approach to understanding the occurrence of human mutants.
Ambroise Paré - Des monstres et prodiges (1573)
tried to come up with causes of mutations occurring (other than “wrath of God”)
- mating with animals
- mating during menstruation
- too much semen
- too little semen
- narrow womb
- bad posture
all, of course, incorrect, but at least testable hypotheses
and therefore moving toward a scientific approach
Sir Thomas Browne - Pseudodoxia epidemica, or, enquiries into
very many received tenents and commonly presumed truths (1646)
Some myths busted:
- the feathers of a dead kingfisher always indicate wind direction
-there were no rainbows before The Flood
-the legs of badgers are shorter on one side than the other
William Harvey - Generation of animals (1651)
foundation of modern developmental biology
- chicken embryos (Aristotle did this ~340 BC!!!)
- developing deer embryos
Francis Bacon
champion of modern scientific learning and thinking
wanted to establish guiding principles for scientific
inquiry and conduct
normal nature
aberrant nature
man-manipulated nature
documenting/collecting oddities crucial to finding the
causes of these oddities - by finding the causes man can
learn the secrets of nature and manipulate it to his whim.
a single mutation can have multiple consequences
one mutated gene = multiple effects
-red hair/overweight
- short fingers and toes/malformed genitalia
Central Dogma of Molecular Biology
Sequence determines Structure determines Function
A linear sequence of amino acids:
Folds into a complex
3-dimensional structure:
Functional Protein Complex
Protein A
Protein B
NO Protein Complex!
Protein A
Protein B
example of Loss of function mutation
Functional Protein Complex
Protein A
Protein B
NEW Protein Complex!
Protein A
Protein X
example of Gain of function mutation
Robert’s syndrome
-cleft lip and palate
-shortened limbs (resemble those of babies whose mothers took thalidomide during pregnancy)
-incidence greater if parents are closely related (first cousins, etc.)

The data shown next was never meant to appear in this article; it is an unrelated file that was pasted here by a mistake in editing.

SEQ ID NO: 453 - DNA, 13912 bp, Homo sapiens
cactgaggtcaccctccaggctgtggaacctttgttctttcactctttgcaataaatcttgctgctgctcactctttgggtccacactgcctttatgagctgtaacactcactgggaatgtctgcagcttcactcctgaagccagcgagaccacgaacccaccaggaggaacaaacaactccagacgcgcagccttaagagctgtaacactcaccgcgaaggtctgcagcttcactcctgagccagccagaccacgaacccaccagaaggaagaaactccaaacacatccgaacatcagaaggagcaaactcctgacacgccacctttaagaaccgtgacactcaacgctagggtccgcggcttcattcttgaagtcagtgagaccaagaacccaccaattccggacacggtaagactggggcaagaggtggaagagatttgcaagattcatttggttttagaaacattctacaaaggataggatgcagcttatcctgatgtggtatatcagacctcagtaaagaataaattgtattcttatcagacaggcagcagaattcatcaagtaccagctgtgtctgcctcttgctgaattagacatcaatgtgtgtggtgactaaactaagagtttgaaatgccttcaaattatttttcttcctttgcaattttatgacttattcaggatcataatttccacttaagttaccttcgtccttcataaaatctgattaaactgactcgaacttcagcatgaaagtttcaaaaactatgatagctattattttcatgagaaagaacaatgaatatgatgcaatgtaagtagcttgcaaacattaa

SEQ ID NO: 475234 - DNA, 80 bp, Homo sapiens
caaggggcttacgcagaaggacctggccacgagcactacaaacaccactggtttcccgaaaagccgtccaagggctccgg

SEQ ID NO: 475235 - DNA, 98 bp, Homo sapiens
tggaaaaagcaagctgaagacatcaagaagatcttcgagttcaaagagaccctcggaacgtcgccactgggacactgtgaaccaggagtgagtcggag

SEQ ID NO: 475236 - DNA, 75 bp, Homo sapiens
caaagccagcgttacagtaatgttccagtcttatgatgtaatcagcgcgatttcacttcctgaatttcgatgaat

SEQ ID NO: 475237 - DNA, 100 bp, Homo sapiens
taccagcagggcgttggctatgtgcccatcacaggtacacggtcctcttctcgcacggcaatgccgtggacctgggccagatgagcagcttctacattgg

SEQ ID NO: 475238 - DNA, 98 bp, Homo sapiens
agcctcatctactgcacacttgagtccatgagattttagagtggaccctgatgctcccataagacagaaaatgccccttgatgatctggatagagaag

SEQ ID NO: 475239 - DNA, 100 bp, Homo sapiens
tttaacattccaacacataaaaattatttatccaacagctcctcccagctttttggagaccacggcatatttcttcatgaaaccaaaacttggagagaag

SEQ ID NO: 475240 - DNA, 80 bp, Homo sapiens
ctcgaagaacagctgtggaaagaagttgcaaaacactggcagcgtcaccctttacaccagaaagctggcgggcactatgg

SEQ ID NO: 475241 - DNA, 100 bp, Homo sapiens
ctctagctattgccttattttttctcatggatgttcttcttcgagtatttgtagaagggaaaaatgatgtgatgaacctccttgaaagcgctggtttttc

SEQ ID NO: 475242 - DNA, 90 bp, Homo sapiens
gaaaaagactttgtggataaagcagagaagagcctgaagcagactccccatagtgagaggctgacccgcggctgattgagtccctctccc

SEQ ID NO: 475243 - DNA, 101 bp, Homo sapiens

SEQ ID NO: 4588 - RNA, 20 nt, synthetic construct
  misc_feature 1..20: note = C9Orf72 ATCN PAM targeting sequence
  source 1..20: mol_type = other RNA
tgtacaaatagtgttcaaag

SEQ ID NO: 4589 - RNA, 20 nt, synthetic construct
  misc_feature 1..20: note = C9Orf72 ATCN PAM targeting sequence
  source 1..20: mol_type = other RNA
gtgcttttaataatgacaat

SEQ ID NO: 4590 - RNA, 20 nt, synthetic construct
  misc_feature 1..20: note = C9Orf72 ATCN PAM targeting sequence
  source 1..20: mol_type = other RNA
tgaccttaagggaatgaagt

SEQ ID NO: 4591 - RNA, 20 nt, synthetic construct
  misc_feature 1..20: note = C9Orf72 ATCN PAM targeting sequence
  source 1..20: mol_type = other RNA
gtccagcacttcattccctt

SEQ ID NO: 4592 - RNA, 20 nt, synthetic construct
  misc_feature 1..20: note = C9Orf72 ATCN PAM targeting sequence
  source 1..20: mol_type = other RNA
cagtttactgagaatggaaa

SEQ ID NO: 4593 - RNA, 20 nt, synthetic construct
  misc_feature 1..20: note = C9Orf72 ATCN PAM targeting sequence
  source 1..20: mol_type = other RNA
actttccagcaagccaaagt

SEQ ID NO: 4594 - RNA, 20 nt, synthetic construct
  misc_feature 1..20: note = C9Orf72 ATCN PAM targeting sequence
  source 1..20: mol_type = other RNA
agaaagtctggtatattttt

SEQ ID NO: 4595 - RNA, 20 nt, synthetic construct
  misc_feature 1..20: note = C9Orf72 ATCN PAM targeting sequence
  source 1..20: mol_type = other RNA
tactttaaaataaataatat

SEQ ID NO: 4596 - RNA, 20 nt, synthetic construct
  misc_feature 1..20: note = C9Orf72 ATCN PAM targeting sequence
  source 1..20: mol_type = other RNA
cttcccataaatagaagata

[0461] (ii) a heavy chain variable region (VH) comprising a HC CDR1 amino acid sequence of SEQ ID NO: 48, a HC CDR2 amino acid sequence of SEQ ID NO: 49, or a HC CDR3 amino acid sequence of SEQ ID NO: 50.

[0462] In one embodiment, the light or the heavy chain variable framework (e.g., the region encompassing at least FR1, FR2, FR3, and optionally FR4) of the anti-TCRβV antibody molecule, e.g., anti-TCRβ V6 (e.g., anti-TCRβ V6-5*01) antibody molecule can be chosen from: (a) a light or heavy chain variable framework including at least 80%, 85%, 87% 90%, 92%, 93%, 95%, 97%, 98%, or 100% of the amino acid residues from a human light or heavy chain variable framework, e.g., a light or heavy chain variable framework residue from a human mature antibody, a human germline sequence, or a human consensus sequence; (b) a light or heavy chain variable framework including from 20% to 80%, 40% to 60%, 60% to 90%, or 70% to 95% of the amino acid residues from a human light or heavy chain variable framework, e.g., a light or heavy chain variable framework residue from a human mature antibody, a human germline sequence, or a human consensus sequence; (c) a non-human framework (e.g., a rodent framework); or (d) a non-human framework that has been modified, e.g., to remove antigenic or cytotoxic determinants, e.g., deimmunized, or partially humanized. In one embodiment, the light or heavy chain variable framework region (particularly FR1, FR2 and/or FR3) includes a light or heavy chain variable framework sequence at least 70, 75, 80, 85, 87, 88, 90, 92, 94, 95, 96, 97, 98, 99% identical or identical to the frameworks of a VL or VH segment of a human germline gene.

-very rare
-autosomal recessive inheritance
autosomal recessive inheritance refers to genetic conditions that occur
only when mutations are present in both copies of a given gene (therefore,
both parents must carry a mutant copy of the gene)
Mitosis (normal cell division)
reductive cell division
(only for gametes)
Autosomal recessive trait only expressed if both egg
and sperm have the mutant version of the gene
What is the percent chance of this occurring?
Short assignment: due in class Friday, 9/15
What is the name of the gene that, when mutated,
causes Roberts syndrome?
What happens to cells when this gene is mutated?
Choose 5 words that you were previously unfamiliar
with that you encounter in your research and define them
Please include a brief description of how you found the
information and also include references/citations (websites,
journal articles, etc.)
Weekly short essay: Due in class Friday 9/22
In th e Mu tant s in tro du cti on , we see ho w fear of th e u n know n
a nd lack of k n owle dg e ca n ha ve p ro fou nd soc ia l con s e q ue n ces .
Gra n te d, th e bul k of the in tro du cti on foc u se s on e ven ts an d
wa ys of th in kin g fro m se vera l ce n t u ries ago . Howe ver , t h at
d oes n ot m ea n i t is n ot s t ill h ap p e ni n g to da y. Co m e u p wit h
a n exa mpl e o f s ome thi n g we u n d e rs ta nd an d can ex pl a in
to d a y th a t was s t ill a m ys ter y 1 00 ye ars a g o (or less ). Wh a t
were th e p re vio u s ly pr o p ose d ex p lan at io n s ? Wh a t i s the a ct u a l
ex pl a n a ti on ? How wa s it di sco vere d a nd p ro ven ? Did an y of
the c la im s m a d e b efore th e ph e n ome n on w as ex pl a ine d h a ve
a n y va lidi t y?
Ple a se b e s u re to cite yo u r s o u rces (jo u rn al ar ticles , book s ,
we b s ite s, et c.).